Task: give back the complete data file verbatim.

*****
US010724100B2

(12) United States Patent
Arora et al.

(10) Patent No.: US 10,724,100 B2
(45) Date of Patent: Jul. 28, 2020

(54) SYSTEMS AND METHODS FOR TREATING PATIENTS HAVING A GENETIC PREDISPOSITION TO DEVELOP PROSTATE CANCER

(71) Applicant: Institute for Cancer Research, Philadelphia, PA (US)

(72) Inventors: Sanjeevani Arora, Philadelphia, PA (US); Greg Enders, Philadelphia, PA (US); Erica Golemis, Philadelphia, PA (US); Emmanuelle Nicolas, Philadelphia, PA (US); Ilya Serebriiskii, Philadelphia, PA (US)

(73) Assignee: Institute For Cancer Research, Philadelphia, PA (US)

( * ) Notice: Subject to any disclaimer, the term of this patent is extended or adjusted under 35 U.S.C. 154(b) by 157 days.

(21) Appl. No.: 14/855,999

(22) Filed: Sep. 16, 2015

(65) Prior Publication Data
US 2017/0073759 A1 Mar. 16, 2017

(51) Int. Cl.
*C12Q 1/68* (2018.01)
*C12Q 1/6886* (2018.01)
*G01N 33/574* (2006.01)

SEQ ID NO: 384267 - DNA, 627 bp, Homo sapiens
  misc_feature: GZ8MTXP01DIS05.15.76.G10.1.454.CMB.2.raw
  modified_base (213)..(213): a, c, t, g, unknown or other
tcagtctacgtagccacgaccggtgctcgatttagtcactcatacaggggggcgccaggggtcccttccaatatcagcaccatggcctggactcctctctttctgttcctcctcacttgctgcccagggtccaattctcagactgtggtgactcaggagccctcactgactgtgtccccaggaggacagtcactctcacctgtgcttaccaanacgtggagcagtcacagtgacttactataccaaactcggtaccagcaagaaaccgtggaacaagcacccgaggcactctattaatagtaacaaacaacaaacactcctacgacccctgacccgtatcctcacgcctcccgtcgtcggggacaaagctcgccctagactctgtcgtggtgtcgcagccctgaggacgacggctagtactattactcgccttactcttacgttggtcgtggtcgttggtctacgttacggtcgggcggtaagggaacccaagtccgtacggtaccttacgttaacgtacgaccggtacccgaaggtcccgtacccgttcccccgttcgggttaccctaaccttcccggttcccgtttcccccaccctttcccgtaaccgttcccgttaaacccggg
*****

US010724100B2

(12) United States Patent
Arora et al.

(10) Patent No.: US 10,724,100 B2
(45) Date of Patent: Jul. 28, 2020

(54) SYSTEMS AND METHODS FOR TREATING PATIENTS HAVING A GENETIC PREDISPOSITION TO DEVELOP PROSTATE CANCER

(71) Applicant: Institute for Cancer Research, Philadelphia, PA (US)

(72) Inventors: Sanjeevani Arora, Philadelphia, PA (US); Greg Enders, Philadelphia, PA (US); Erica Golemis, Philadelphia, PA (US); Emmanuelle Nicolas, Philadelphia, PA (US); Ilya Serebriiskii, Philadelphia, PA (US)

(73) Assignee: Institute For Cancer Research, Philadelphia, PA (US)

( * ) Notice: Subject to any disclaimer, the term of this patent is extended or adjusted under 35 U.S.C. 154(b) by 157 days.

(21) Appl. No.: 14/855,999

(22) Filed: Sep. 16, 2015

(65) Prior Publication Data
US 2017/0073759 A1 Mar. 16, 2017

(51) Int. Cl.
*C12Q 1/68* (2018.01)
*C12Q 1/6886* (2018.01)
*G01N 33/574* (2006.01)

SEQ ID NO: 384267 - DNA, 627 bp, Homo sapiens
  misc_feature: GZ8MTXP01DIS05.15.76.G10.1.454.CMB.2.raw
  modified_base (213)..(213): a, c, t, g, unknown or other
tcagtctacgtagccacgaccggtgctcgatttagtcactcatacaggggggcgccaggggtcccttccaatatcagcaccatggcctggactcctctctttctgttcctcctcacttgctgcccagggtccaattctcagactgtggtgactcaggagccctcactgactgtgtccccaggaggacagtcactctcacctgtgcttaccaanacgtggagcagtcacagtgacttactataccaaactcggtaccagcaagaaaccgtggaacaagcacccgaggcactctattaatagtaacaaacaacaaacactcctacgacccctgacccgtatcctcacgcctcccgtcgtcggggacaaagctcgccctagactctgtcgtggtgtcgcagccctgaggacgacggctagtactattactcgccttactcttacgttggtcgtggtcgttggtctacgttacggtcgggcggtaagggaacccaagtccgtacggtaccttacgttaacgtacgaccggtacccgaaggtcccgtacccgttcccccgttcgggttaccctaaccttcccggttcccgtttcccccaccctttcccgtaaccgttcccgttaaacccggg